| 14 April 2024, Sunday |

Fresh protests against police violence planned in France

Seven years after Adama Traore, a young black man, died in police custody, his sister intended to lead a memorial march in Persan and Beaumont-sur-Oise, north of Paris.

However, with tensions still high following the police shooting of 17-year-old Nahel, of Algerian ancestry, at a traffic stop last week, a court concluded that the march would cause too much public disruption.

In a video posted on Twitter, Assa Traore, Adama’s older sister, confirmed that following the court order “there will be no march in Beaumont-sur-Oise”.

“The government has decided to add fuel to the fire” and “not to respect the death of my little brother”, she said in the video.


Instead of the planned event, she said she would attend a rally on Saturday afternoon in central Paris’ Place de la Republique to tell “the whole world that our dead have the right to exist, even in death”.

However, this “march for justice” will also be banned, according to the Paris police headquarters.

Around 30 similar demonstrations against police violence are planned across France this weekend, according to an online map, including in the cities of Lille, Marseille, Nantes and Strasbourg.


Grief and anger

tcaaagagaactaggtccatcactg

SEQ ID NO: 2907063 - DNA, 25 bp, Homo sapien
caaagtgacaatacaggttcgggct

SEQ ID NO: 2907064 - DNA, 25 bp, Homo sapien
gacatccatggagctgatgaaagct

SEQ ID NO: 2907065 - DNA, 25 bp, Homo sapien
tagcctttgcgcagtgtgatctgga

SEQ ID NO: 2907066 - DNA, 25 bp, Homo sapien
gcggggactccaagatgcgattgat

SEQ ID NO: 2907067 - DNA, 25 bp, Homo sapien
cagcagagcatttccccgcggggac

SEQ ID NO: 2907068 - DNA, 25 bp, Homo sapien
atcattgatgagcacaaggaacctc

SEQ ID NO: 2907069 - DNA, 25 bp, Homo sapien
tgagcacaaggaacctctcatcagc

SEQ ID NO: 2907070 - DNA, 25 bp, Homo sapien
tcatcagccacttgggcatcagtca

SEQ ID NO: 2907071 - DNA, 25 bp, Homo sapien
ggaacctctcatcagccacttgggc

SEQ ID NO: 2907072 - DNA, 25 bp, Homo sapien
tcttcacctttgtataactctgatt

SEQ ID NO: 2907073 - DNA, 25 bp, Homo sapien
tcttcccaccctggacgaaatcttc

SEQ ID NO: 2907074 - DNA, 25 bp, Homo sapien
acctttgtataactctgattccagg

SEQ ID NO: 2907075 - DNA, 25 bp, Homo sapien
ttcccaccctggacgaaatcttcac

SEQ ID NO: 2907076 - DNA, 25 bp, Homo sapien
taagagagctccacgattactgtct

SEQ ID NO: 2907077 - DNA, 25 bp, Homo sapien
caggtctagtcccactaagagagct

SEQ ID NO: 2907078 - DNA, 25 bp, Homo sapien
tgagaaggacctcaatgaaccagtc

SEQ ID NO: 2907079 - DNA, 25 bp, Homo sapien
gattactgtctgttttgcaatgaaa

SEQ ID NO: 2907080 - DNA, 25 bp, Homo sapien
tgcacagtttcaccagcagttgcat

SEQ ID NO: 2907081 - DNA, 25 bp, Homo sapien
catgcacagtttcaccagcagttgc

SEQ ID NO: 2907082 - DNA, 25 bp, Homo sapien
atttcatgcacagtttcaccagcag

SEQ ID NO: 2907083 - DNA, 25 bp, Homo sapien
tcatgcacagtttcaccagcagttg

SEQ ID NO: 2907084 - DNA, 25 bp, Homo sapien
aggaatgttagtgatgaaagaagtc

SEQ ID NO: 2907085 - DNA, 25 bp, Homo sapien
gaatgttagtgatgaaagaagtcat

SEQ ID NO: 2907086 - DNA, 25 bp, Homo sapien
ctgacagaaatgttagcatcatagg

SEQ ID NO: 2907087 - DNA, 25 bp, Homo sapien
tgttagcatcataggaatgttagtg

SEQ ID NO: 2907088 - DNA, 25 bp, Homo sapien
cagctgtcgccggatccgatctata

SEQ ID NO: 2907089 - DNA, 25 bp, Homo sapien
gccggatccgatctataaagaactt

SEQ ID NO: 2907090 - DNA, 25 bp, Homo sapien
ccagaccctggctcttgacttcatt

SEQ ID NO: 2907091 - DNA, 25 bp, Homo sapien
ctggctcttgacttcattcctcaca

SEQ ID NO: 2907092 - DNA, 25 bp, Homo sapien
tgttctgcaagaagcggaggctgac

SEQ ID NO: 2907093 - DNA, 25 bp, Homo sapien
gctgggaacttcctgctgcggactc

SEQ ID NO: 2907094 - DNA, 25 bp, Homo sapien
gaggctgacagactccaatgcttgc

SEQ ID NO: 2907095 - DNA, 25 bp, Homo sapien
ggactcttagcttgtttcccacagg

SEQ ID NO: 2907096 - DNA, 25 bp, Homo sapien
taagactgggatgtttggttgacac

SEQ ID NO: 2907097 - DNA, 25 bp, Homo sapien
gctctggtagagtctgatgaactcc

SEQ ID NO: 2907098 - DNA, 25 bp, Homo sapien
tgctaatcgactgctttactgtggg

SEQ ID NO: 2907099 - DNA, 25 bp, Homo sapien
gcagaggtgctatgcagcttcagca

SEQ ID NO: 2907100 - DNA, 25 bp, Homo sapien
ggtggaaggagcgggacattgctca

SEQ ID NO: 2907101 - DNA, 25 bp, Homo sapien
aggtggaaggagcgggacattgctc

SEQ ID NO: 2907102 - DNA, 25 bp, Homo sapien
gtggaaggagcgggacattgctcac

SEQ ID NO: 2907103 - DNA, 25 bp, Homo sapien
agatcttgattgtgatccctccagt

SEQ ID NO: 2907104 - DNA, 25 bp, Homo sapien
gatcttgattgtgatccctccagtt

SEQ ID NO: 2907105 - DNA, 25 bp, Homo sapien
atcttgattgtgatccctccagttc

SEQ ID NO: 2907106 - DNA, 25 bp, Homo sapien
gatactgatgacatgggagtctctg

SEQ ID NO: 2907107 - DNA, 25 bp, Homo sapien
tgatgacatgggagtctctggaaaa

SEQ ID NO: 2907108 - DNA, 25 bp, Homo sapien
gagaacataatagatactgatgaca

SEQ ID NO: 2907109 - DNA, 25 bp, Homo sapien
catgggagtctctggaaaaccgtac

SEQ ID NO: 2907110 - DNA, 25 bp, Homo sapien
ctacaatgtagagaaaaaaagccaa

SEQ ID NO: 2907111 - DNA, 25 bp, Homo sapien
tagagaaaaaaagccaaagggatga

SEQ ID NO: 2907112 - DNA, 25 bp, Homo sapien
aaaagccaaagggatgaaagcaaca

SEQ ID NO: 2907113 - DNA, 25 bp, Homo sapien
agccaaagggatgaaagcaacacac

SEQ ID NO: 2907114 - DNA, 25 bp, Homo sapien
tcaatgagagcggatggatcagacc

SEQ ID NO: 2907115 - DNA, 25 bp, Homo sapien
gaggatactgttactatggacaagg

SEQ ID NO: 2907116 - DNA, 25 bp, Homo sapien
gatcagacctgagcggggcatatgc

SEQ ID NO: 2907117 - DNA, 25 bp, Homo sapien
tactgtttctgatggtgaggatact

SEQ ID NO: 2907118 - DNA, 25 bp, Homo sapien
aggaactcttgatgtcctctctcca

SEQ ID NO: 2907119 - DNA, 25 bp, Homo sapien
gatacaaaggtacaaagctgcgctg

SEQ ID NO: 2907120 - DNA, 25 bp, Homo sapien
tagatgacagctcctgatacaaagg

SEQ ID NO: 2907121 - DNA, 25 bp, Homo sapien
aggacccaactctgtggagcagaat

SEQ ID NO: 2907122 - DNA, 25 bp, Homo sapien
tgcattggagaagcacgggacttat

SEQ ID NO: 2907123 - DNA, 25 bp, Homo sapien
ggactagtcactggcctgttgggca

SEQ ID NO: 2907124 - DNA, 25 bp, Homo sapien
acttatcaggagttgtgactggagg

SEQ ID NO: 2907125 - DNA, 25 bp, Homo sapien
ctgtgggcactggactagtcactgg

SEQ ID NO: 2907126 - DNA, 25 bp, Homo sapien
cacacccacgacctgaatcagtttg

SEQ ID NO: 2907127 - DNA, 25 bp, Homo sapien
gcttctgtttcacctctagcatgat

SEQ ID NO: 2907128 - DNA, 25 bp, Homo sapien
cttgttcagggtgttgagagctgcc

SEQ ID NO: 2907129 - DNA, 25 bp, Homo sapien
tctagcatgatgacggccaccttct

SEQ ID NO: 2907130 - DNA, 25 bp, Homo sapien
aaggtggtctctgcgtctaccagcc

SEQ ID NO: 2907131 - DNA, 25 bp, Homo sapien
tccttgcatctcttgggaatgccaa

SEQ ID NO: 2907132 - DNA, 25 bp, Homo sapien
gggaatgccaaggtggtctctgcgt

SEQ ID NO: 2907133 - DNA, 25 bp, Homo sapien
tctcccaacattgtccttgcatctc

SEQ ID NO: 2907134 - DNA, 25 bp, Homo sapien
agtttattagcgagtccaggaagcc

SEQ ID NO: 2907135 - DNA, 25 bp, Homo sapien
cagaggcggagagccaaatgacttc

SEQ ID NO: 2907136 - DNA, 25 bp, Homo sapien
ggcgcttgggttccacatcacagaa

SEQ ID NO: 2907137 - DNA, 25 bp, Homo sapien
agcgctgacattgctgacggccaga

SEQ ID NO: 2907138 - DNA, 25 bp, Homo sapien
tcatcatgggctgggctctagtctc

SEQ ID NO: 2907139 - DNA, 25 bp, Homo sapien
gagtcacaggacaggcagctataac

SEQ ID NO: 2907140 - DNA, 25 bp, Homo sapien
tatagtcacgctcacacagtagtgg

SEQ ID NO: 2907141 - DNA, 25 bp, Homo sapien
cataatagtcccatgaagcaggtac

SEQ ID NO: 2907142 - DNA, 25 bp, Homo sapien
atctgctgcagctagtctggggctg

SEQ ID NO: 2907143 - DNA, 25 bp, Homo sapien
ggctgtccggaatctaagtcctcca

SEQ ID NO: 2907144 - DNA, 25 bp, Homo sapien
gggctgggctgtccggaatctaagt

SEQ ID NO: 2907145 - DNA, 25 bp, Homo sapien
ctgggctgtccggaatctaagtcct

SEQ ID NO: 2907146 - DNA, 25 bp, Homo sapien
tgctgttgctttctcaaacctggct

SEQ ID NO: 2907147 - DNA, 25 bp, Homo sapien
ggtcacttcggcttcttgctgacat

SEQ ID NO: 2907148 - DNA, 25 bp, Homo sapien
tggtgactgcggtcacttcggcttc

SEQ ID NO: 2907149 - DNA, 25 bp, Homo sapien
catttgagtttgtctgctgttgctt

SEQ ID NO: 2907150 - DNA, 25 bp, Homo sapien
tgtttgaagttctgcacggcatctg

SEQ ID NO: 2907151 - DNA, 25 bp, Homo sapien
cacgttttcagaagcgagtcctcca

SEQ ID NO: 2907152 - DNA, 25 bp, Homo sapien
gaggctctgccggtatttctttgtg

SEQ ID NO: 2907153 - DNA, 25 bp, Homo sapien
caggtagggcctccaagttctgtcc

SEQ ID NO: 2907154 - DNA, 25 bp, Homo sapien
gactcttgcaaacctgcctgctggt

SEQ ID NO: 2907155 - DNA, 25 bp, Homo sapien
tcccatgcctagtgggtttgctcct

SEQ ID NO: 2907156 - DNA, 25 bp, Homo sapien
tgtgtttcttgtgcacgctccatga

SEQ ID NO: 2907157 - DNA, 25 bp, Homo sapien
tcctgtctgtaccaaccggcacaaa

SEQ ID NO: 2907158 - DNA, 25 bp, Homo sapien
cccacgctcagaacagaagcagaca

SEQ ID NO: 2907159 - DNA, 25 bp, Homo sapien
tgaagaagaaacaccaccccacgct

Several trade unions, political parties and associations had called on supporters to join the memorial march for Traore this year as France reels from allegations of institutionalised racism in its police ranks following the police shooting of Nahel M.

Traore, who was 24 years old, died shortly after his arrest in 2016, sparking several nights of unrest that played out similarly to the week-long rioting that erupted across the country in the wake of the point-blank shooting of Nahel during a traffic stop.

The teenager’s death on June 27 rekindled long-standing accusations of systemic racism among security forces, and a UN committee has called on France to ban racial profiling.


But far-right parties have linked the most intense and widespread riots seen in the country since 2005 to mass migration, and have demanded curbs on new arrivals.

Campaign groups say Saturday’s “citizens marches” will be an opportunity for people to express their “grief and anger” at discriminatory police policies, especially in working-class neighbourhoods.

They are urging reforms to the police, including policing tactics and the force’s weaponry.

Government spokesman Olivier Veran criticised the organisations for convening demonstrations “in major cities that have not yet recovered from the rampages”.

More than 3,700 people have been taken into police custody in connection with the protests since Nahel’s death, including at least 1,160 minors, according to official figures.


  • AFP